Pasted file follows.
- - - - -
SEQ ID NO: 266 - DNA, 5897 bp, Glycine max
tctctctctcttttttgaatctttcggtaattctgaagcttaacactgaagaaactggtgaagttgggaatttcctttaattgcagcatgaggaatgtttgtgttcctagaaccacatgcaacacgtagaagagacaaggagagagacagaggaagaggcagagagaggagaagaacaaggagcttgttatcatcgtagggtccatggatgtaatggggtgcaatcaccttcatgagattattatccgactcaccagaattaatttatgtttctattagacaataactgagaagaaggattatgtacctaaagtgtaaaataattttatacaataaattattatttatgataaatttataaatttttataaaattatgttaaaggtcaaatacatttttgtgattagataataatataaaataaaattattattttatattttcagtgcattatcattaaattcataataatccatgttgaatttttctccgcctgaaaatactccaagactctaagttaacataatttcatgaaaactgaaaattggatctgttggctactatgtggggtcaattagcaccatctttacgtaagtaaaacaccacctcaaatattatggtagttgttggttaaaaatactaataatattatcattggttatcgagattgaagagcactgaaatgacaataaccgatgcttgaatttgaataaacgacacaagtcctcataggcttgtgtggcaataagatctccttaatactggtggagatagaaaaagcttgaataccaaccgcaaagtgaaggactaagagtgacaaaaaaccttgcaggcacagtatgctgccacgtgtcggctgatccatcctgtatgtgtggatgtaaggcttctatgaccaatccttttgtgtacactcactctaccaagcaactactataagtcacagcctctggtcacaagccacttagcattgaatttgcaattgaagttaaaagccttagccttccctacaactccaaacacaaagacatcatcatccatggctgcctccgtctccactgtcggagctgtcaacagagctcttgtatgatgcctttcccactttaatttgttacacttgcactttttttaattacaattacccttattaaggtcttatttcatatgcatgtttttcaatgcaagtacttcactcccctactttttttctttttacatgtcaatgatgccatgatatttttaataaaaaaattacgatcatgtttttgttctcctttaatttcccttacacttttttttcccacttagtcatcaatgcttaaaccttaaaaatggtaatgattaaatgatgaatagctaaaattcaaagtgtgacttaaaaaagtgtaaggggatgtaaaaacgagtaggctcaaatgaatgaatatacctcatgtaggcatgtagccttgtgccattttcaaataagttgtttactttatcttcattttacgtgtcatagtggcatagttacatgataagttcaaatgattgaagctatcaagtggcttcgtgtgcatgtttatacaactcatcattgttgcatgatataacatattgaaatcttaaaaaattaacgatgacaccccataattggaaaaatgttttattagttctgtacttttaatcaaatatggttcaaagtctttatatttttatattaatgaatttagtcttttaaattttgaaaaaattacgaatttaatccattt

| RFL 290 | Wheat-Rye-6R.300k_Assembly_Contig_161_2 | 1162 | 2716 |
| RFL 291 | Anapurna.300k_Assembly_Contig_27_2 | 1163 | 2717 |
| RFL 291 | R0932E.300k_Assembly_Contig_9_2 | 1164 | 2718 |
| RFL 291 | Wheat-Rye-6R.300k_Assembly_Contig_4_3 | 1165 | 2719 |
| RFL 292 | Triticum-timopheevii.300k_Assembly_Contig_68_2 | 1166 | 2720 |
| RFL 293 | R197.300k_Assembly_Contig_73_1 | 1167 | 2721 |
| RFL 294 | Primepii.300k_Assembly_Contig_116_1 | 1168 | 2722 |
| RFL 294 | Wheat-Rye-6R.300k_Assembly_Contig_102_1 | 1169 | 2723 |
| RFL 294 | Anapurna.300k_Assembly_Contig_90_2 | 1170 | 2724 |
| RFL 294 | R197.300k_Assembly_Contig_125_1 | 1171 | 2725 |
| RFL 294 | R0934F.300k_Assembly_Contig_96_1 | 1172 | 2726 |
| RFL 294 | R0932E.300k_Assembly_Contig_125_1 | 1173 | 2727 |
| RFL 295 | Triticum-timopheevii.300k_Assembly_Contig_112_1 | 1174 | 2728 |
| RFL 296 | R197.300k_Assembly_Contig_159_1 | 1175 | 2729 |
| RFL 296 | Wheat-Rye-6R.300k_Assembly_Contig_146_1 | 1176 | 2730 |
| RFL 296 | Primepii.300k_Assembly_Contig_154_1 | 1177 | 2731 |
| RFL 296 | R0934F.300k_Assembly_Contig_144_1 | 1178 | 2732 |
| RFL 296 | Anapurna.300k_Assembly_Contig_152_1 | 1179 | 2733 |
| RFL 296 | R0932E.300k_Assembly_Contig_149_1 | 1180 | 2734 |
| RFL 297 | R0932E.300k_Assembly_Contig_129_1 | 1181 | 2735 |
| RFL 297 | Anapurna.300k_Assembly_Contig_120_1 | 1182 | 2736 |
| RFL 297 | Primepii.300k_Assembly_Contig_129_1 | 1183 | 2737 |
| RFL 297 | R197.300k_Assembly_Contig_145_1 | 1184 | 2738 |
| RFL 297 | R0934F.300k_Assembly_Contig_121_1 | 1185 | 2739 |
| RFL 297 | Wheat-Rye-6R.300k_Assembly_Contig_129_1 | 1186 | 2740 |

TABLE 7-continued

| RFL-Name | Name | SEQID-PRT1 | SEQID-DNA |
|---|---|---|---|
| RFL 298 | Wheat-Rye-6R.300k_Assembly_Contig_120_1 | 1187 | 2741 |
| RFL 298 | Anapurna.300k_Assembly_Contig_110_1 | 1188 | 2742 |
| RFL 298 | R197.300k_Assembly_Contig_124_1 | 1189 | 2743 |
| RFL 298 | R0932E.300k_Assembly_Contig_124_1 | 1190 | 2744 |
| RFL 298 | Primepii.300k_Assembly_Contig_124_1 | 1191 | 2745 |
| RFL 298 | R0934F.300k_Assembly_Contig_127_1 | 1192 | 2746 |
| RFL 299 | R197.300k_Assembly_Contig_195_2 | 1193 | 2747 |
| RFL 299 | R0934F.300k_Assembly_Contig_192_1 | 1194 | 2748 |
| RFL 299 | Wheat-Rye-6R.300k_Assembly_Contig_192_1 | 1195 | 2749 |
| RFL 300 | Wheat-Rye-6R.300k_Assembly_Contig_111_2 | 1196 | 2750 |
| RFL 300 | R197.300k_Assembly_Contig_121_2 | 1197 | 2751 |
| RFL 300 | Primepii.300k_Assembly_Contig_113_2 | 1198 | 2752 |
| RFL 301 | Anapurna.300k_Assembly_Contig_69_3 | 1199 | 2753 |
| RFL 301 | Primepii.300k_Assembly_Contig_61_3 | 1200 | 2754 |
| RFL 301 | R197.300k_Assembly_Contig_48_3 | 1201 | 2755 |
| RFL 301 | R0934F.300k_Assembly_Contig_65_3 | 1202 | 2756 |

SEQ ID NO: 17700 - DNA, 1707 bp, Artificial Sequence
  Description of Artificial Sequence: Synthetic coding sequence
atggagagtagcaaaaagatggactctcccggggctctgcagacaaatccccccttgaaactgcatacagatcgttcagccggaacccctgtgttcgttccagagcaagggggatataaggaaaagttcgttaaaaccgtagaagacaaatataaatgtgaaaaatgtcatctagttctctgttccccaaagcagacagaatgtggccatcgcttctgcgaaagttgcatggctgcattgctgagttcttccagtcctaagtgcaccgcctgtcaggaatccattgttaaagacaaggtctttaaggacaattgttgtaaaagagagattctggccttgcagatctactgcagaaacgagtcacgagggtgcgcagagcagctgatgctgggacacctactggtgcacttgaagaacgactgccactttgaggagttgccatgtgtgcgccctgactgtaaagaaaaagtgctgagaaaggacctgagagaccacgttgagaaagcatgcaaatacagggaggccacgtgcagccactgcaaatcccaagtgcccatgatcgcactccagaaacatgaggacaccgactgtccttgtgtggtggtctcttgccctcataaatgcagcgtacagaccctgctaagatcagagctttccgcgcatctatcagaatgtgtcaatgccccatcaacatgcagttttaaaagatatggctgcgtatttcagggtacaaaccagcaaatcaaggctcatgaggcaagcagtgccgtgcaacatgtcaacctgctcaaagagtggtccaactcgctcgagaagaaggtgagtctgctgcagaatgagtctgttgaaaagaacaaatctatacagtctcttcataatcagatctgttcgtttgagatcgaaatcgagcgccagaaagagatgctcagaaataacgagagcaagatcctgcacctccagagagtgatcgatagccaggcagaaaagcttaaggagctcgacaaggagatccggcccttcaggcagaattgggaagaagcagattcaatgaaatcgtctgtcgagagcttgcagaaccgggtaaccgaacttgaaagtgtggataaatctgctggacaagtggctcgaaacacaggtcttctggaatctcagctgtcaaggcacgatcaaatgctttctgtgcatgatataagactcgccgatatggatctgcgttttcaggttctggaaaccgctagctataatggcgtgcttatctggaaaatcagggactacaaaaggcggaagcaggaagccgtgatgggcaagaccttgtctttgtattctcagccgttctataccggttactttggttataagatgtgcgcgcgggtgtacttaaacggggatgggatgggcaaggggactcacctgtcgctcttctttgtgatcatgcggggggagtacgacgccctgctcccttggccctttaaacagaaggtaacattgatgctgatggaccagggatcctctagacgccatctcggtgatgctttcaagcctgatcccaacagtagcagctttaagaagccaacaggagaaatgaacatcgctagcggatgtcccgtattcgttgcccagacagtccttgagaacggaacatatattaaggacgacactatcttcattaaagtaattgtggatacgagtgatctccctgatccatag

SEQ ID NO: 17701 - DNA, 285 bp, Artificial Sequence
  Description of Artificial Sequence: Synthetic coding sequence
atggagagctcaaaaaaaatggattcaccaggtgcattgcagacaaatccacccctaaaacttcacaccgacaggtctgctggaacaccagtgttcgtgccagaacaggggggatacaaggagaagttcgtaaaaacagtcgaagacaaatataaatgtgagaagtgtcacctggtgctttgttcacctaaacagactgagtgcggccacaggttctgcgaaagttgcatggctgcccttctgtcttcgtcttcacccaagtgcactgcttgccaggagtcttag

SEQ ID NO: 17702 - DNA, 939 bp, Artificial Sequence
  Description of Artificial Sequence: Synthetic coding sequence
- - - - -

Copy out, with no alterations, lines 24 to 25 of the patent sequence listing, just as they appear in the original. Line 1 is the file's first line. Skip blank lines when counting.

| RFL 297 | Primepii.300k_Assembly_Contig_129_1 | 1183 | 2737 |
| RFL 297 | R197.300k_Assembly_Contig_145_1 | 1184 | 2738 |